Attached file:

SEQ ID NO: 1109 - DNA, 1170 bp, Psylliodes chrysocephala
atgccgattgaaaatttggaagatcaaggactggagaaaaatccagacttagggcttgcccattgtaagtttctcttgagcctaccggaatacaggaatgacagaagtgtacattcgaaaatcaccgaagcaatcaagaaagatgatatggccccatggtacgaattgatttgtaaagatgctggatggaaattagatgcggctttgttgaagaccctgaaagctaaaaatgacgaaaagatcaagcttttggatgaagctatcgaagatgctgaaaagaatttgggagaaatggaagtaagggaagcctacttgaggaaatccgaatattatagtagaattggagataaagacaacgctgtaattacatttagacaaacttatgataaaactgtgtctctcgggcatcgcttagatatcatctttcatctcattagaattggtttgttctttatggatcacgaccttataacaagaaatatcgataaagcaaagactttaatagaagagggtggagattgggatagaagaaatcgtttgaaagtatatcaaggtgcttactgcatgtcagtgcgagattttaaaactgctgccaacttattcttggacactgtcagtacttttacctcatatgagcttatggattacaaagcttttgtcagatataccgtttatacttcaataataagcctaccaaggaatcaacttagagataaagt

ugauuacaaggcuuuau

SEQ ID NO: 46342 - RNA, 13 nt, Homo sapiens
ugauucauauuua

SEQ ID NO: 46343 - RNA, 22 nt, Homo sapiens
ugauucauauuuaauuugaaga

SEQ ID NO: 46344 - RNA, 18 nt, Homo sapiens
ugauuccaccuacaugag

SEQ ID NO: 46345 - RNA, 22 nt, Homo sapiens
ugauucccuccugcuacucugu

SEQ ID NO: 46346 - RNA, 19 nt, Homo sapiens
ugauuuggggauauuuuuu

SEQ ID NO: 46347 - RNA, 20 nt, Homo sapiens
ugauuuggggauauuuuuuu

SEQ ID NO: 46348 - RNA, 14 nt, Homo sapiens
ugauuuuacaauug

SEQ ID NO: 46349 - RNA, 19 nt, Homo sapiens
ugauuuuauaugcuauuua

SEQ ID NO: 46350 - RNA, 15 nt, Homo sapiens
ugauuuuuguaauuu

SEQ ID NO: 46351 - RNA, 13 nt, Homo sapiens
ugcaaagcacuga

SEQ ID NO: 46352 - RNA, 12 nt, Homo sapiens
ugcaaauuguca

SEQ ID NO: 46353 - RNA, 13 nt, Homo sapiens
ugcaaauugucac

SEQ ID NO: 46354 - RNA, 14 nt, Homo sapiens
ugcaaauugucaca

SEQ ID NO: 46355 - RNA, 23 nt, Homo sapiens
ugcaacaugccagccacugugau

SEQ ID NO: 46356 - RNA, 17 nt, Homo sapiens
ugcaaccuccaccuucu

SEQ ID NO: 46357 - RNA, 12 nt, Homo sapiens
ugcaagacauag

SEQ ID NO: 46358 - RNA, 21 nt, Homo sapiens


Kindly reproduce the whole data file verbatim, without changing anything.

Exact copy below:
SEQ ID NO: 1109 - DNA, 1170 bp, Psylliodes chrysocephala
atgccgattgaaaatttggaagatcaaggactggagaaaaatccagacttagggcttgcccattgtaagtttctcttgagcctaccggaatacaggaatgacagaagtgtacattcgaaaatcaccgaagcaatcaagaaagatgatatggccccatggtacgaattgatttgtaaagatgctggatggaaattagatgcggctttgttgaagaccctgaaagctaaaaatgacgaaaagatcaagcttttggatgaagctatcgaagatgctgaaaagaatttgggagaaatggaagtaagggaagcctacttgaggaaatccgaatattatagtagaattggagataaagacaacgctgtaattacatttagacaaacttatgataaaactgtgtctctcgggcatcgcttagatatcatctttcatctcattagaattggtttgttctttatggatcacgaccttataacaagaaatatcgataaagcaaagactttaatagaagagggtggagattgggatagaagaaatcgtttgaaagtatatcaaggtgcttactgcatgtcagtgcgagattttaaaactgctgccaacttattcttggacactgtcagtacttttacctcatatgagcttatggattacaaagcttttgtcagatataccgtttatacttcaataataagcctaccaaggaatcaacttagagataaagt

ugauuacaaggcuuuau

SEQ ID NO: 46342 - RNA, 13 nt, Homo sapiens
ugauucauauuua

SEQ ID NO: 46343 - RNA, 22 nt, Homo sapiens
ugauucauauuuaauuugaaga

SEQ ID NO: 46344 - RNA, 18 nt, Homo sapiens
ugauuccaccuacaugag

SEQ ID NO: 46345 - RNA, 22 nt, Homo sapiens
ugauucccuccugcuacucugu

SEQ ID NO: 46346 - RNA, 19 nt, Homo sapiens
ugauuuggggauauuuuuu

SEQ ID NO: 46347 - RNA, 20 nt, Homo sapiens
ugauuuggggauauuuuuuu

SEQ ID NO: 46348 - RNA, 14 nt, Homo sapiens
ugauuuuacaauug

SEQ ID NO: 46349 - RNA, 19 nt, Homo sapiens
ugauuuuauaugcuauuua

SEQ ID NO: 46350 - RNA, 15 nt, Homo sapiens
ugauuuuuguaauuu

SEQ ID NO: 46351 - RNA, 13 nt, Homo sapiens
ugcaaagcacuga

SEQ ID NO: 46352 - RNA, 12 nt, Homo sapiens
ugcaaauuguca

SEQ ID NO: 46353 - RNA, 13 nt, Homo sapiens
ugcaaauugucac

SEQ ID NO: 46354 - RNA, 14 nt, Homo sapiens
ugcaaauugucaca

SEQ ID NO: 46355 - RNA, 23 nt, Homo sapiens
ugcaacaugccagccacugugau

SEQ ID NO: 46356 - RNA, 17 nt, Homo sapiens
ugcaaccuccaccuucu

SEQ ID NO: 46357 - RNA, 12 nt, Homo sapiens
ugcaagacauag

SEQ ID NO: 46358 - RNA, 21 nt, Homo sapiens